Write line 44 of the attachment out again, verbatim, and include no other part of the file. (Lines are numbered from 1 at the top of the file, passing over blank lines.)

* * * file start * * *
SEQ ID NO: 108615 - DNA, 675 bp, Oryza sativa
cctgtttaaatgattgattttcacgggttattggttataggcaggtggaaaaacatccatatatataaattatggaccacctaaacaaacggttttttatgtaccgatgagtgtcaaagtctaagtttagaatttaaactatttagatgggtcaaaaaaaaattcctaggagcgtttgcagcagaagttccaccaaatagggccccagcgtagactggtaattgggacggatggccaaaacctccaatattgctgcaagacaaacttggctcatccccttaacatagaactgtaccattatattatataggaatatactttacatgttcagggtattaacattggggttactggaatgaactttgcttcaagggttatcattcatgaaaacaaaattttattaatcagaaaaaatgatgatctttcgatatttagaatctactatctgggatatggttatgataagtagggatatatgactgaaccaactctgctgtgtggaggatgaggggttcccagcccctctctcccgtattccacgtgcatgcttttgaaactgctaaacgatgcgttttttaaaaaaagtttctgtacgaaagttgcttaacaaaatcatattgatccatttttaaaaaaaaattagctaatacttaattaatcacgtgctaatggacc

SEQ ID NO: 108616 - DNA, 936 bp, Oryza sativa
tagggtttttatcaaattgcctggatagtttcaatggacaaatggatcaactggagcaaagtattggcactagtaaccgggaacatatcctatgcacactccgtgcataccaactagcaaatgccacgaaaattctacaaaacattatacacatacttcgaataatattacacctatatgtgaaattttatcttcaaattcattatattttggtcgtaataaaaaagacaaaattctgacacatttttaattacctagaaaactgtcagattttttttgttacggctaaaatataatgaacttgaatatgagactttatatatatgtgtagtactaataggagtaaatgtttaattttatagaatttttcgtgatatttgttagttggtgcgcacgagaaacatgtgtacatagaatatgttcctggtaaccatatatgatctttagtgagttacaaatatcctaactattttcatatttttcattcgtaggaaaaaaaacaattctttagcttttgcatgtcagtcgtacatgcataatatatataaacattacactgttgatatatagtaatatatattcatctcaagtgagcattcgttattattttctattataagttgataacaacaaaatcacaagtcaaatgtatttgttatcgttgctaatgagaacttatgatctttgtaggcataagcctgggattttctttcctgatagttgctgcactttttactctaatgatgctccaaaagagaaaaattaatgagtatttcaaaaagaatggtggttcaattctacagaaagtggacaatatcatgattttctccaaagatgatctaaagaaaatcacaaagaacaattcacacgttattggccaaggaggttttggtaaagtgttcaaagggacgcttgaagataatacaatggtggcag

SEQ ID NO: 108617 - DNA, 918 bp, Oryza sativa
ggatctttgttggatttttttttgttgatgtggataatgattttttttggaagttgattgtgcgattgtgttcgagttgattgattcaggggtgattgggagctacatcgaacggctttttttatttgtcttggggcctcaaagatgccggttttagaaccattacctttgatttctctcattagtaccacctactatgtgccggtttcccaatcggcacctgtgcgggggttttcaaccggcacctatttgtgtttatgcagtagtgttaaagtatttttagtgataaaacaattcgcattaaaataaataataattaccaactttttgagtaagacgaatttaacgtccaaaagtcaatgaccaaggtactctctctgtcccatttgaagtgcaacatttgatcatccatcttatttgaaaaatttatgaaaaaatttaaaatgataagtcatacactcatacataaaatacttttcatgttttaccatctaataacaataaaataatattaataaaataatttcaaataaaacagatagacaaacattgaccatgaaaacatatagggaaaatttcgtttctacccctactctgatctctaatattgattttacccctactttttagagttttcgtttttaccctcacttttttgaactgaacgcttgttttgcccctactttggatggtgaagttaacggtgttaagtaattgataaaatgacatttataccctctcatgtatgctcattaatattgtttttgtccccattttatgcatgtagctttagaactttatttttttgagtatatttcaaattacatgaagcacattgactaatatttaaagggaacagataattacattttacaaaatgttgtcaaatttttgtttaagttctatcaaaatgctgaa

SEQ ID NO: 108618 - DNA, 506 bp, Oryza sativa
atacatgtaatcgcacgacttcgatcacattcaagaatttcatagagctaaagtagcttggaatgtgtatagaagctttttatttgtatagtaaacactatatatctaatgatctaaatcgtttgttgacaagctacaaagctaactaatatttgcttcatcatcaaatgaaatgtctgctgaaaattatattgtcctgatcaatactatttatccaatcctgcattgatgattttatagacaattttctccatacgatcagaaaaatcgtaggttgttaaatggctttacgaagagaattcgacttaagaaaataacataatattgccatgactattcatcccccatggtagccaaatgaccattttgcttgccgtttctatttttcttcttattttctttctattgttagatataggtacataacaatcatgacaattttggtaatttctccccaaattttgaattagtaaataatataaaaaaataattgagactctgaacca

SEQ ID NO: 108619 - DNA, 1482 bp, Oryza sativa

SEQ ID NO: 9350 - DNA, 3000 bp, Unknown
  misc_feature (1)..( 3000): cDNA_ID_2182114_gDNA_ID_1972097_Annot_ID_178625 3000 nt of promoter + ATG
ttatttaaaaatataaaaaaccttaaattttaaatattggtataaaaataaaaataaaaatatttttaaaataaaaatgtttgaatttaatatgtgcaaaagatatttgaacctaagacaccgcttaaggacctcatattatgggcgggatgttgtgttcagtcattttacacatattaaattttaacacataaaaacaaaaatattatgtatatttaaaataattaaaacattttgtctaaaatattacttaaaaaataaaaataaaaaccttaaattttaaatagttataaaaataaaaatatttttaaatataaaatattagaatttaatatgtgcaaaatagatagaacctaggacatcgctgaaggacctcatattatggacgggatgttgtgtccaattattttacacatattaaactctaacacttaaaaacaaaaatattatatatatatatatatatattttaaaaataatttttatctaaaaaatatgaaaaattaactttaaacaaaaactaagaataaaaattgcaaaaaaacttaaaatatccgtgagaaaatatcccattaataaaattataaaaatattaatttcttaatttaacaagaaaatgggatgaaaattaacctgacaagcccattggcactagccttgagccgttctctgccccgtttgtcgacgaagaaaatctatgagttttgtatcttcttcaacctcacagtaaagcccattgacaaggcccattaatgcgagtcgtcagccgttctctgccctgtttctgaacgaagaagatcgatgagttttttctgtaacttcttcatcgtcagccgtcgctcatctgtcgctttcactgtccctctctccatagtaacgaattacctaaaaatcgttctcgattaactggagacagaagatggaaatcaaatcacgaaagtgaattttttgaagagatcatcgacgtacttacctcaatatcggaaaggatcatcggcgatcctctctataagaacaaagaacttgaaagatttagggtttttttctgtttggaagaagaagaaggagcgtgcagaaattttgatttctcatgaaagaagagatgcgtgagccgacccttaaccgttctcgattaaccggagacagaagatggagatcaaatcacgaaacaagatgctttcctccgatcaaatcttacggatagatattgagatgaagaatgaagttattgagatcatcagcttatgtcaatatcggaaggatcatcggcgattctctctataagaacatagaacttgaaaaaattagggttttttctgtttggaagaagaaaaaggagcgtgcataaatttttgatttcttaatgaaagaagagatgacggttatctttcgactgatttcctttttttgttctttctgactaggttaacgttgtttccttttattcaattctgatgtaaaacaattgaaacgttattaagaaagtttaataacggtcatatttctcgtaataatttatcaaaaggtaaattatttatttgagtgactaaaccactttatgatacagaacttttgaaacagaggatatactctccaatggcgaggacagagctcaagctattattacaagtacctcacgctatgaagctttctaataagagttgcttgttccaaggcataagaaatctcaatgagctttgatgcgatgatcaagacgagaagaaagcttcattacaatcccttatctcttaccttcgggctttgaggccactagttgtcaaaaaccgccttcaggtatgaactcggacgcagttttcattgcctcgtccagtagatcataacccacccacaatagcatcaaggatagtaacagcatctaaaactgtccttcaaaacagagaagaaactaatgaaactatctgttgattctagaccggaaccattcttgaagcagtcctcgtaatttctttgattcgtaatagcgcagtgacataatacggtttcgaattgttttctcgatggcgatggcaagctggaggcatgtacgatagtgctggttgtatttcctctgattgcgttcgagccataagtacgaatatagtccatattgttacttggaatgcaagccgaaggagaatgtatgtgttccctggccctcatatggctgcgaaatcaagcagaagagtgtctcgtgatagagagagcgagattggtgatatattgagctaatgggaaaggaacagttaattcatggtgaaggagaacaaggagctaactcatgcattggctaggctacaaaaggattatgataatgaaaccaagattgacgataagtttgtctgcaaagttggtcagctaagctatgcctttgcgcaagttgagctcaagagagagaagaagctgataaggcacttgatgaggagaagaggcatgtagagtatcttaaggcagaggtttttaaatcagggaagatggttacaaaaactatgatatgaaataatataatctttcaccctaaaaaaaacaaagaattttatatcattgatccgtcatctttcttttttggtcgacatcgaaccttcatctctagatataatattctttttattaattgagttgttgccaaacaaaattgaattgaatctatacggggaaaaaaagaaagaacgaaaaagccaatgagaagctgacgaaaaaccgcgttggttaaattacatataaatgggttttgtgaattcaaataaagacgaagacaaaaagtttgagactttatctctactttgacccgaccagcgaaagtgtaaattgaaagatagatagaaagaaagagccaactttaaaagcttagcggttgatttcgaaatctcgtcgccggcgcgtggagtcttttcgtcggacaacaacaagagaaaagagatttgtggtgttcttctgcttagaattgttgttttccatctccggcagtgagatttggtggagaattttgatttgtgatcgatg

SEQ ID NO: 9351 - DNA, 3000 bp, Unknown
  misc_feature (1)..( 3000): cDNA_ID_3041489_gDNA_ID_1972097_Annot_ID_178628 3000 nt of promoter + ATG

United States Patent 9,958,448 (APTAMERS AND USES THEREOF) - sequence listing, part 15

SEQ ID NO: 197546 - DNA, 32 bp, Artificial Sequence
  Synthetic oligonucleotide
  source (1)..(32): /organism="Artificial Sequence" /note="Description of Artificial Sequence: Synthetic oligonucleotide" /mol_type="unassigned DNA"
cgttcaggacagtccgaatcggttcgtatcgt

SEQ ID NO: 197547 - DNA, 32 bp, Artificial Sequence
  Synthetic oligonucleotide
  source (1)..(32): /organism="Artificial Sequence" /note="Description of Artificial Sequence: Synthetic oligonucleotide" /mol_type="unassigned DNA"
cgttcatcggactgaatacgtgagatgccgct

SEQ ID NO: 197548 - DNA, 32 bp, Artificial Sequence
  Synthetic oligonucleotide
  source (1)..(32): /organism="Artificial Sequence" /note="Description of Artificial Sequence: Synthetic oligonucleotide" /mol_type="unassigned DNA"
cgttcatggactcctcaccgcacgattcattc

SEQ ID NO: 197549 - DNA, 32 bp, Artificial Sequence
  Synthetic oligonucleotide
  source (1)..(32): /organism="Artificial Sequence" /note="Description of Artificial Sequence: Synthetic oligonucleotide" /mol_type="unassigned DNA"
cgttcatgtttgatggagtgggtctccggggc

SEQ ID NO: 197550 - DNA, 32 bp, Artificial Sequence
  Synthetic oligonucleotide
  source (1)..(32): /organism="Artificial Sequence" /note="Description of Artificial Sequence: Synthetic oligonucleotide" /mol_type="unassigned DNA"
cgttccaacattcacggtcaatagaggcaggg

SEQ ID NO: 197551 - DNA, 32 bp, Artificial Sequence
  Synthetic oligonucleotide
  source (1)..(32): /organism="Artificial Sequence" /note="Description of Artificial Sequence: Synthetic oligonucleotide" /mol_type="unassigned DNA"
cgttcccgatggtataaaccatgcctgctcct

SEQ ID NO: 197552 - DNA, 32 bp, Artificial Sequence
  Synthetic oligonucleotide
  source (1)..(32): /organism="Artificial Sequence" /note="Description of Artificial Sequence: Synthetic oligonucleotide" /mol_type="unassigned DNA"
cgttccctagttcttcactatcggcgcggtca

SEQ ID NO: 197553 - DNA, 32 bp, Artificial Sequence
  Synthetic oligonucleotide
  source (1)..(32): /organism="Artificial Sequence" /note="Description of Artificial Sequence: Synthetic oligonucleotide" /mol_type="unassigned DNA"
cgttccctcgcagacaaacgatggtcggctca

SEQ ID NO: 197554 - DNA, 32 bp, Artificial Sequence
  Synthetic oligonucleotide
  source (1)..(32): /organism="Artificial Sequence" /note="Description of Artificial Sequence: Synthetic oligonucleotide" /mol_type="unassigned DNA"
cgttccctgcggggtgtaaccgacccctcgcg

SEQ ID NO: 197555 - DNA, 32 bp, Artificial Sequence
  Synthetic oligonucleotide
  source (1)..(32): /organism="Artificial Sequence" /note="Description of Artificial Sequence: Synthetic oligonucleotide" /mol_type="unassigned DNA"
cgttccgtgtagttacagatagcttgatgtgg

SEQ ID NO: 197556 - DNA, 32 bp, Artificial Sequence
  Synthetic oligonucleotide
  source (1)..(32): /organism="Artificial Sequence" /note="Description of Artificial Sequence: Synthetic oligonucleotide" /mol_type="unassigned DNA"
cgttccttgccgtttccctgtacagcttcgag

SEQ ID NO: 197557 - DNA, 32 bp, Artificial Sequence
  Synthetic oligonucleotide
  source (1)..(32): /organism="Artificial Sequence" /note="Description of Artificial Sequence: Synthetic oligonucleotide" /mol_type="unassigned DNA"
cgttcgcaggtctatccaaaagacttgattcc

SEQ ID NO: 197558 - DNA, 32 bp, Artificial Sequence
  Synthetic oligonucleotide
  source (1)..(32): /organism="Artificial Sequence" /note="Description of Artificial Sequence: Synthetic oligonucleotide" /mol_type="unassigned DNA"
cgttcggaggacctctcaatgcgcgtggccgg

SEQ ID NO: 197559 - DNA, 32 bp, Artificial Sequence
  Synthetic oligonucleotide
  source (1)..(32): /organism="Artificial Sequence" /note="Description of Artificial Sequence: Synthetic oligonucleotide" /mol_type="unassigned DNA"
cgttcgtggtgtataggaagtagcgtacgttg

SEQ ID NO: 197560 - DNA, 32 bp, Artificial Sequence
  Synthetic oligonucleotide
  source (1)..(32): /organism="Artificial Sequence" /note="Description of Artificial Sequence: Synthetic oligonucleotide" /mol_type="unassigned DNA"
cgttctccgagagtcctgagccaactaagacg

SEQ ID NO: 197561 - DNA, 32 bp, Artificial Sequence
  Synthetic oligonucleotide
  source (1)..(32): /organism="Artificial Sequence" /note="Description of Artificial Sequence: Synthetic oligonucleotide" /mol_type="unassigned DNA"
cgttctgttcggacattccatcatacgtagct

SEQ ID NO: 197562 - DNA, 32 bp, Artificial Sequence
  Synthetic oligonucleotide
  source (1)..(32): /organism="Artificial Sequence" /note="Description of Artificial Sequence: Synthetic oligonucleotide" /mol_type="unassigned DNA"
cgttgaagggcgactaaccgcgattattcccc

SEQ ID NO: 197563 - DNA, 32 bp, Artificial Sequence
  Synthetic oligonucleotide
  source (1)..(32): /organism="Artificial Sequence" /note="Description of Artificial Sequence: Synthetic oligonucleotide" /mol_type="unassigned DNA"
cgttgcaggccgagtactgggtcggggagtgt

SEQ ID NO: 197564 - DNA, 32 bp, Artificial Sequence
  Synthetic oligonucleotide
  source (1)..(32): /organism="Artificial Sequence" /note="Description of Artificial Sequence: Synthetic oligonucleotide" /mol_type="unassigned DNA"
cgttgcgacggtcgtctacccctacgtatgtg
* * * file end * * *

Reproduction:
SEQ ID NO: 197553 - DNA, 32 bp, Artificial Sequence